Voluntary Acknowledgement of Paternity in New Jersey
Establishing paternity can benefit parents and their children. Paternity grants fathers certain rights with respect to requesting custody and visitation and also subjects them to certain responsibilities, including, for example, child support. Children also get the benefit of health insurance, Social Security, Veterans benefits, inheritance, and other benefits through established fathers. While maternity is obviously established at the instant of birth, paternity must be established in some fashion to carry legal effect. There are a few methods to establish paternity in New Jersey, the easiest of which is voluntary acknowledgment. Learn below about establishing paternity in New Jersey, and contact a seasoned Englewood child custody lawyer with any questions you may have.
Presumption of paternity for marital children
A child born during a legal marriage or within ten months following a divorce or the death of the putative father is presumed to be the child of the mother’s legal spouse. If a child is born under circumstances outside of this presumption, paternity must be affirmatively established by the mother, father, or another party.
Certificate of parentage or voluntary agreement
The simplest and most cost-effective way to establish paternity is for both parties to voluntarily sign a “Certificate of Parentage” (“COP,” also called a “Voluntary Acknowledgement”). The mother and father sign this document to affirm that they both agree that they are the child’s parents. The COP will then be filed with the state Department of Health, after which the father’s name can be added to the child’s birth certificate.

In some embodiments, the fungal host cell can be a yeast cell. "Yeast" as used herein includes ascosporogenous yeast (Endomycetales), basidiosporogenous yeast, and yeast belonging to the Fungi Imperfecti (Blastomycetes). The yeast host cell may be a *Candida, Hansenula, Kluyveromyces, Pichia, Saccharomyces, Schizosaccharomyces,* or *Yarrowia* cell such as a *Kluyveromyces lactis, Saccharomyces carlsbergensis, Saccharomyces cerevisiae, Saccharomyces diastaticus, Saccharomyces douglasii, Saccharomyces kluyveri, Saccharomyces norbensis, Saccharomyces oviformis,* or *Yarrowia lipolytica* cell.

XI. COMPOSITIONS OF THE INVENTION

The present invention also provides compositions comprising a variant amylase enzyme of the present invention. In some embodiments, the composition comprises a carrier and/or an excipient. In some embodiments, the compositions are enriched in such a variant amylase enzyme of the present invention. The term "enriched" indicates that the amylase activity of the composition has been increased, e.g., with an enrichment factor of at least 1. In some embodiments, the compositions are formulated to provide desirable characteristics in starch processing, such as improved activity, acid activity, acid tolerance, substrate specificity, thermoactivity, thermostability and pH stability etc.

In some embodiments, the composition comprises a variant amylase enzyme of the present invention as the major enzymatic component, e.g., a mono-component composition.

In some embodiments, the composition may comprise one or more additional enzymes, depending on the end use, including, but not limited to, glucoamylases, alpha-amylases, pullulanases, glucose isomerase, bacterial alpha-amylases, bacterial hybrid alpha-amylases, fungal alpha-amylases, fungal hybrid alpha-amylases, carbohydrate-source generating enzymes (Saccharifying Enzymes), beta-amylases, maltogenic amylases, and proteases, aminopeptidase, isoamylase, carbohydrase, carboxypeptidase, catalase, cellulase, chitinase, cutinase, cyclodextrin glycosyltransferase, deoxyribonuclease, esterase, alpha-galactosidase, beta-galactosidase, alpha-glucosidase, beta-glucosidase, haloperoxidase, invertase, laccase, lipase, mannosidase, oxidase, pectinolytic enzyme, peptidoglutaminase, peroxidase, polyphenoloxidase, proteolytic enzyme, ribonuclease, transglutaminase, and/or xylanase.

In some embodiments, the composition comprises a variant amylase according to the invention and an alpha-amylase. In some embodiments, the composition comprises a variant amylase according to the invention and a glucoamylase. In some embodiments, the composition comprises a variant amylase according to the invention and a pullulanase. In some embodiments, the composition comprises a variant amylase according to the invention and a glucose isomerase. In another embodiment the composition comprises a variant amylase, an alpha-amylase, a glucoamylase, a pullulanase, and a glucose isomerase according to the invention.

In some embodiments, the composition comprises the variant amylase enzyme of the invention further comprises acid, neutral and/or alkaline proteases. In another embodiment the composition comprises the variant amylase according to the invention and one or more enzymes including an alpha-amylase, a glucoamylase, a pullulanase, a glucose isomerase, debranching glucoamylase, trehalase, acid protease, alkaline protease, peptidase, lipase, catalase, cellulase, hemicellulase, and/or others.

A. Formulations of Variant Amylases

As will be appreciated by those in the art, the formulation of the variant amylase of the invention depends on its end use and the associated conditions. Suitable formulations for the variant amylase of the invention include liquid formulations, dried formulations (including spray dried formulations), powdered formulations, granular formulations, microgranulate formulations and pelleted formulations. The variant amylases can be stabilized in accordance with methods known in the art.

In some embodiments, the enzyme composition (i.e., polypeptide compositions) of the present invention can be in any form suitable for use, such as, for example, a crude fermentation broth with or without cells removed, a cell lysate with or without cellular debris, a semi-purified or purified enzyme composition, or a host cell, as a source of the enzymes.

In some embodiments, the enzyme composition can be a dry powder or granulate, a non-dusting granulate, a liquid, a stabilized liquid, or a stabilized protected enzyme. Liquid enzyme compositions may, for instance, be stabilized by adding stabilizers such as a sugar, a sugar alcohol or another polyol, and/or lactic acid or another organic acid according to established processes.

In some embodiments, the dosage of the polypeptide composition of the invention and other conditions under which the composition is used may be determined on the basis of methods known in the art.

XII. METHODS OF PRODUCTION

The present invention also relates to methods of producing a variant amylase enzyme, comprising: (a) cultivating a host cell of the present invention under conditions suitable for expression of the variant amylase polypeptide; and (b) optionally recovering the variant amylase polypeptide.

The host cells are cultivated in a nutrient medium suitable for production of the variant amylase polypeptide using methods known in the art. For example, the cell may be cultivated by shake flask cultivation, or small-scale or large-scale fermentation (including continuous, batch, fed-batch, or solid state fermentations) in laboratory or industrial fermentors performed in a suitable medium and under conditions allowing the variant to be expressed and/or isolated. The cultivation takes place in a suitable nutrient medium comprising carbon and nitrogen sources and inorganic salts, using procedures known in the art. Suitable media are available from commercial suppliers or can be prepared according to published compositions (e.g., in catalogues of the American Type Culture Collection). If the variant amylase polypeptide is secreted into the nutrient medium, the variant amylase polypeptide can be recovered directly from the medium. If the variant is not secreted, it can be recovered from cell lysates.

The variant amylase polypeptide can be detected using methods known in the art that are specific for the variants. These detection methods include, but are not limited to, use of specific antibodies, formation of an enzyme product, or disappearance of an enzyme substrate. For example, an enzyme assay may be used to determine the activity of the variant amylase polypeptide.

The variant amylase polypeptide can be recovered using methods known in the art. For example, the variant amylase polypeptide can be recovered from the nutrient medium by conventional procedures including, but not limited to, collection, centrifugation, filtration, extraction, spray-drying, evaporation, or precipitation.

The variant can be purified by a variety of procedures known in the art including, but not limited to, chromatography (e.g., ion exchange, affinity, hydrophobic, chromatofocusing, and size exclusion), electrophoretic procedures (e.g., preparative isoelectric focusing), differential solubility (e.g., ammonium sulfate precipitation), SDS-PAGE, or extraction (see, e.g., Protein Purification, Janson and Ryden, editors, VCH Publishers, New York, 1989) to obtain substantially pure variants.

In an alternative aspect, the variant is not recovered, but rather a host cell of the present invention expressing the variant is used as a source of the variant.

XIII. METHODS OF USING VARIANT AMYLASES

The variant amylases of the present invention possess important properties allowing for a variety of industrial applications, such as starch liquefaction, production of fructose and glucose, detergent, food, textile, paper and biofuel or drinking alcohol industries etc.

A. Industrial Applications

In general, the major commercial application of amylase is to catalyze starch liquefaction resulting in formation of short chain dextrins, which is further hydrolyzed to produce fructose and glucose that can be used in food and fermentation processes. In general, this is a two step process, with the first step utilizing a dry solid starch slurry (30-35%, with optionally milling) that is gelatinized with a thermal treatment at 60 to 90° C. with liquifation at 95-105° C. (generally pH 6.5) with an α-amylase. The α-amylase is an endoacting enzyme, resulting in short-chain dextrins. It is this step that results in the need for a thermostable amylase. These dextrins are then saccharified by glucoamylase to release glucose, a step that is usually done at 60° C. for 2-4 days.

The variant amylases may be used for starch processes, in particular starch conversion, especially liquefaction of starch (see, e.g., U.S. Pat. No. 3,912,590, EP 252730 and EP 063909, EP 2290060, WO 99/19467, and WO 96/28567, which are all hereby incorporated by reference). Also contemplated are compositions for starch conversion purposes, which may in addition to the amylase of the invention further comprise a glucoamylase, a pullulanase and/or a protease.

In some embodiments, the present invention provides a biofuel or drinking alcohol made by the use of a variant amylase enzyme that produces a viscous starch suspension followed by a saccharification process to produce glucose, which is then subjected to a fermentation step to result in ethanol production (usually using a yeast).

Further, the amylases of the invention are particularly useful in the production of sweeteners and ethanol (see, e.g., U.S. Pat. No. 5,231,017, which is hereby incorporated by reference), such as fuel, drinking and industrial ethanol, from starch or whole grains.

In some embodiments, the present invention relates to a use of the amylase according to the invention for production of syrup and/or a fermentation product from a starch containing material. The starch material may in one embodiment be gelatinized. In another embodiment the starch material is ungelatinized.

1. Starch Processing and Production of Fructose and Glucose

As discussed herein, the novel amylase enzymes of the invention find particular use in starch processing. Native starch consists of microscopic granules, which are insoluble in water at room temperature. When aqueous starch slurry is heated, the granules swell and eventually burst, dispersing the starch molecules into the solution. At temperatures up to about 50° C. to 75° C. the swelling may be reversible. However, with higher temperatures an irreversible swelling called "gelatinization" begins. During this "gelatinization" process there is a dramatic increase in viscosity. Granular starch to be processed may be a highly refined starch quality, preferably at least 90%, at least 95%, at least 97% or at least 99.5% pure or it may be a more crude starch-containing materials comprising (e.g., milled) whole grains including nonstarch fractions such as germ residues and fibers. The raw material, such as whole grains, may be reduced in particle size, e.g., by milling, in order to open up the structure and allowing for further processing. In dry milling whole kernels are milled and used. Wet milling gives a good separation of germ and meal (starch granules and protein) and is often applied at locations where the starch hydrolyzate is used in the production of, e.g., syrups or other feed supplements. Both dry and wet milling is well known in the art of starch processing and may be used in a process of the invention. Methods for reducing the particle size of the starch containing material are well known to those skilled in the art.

The earliest opportunity to sign the COP is at the hospital, right after the birth of a child. Hospital staff can help you complete the firm. Alternatively, after leaving the hospital, you can fill out the form at a state or county registrar’s office or a local welfare office.
Once a COP has been filed, it is difficult to change or retract the acknowledgment of parentage. If there is a reason to doubt biological paternity that will affect whether the parties agree to sign a COP, then the parties can choose to first undergo genetic testing and fill out the COP after receiving confirmation.
Help with Establishing Paternity from Experienced New Jersey Family Law Attorneys
If you’re considering divorce in New Jersey or facing child custody, paternity, or other family law issues, contact the Englewood family law attorneys at Herbert & Weiss at 201-440-6300.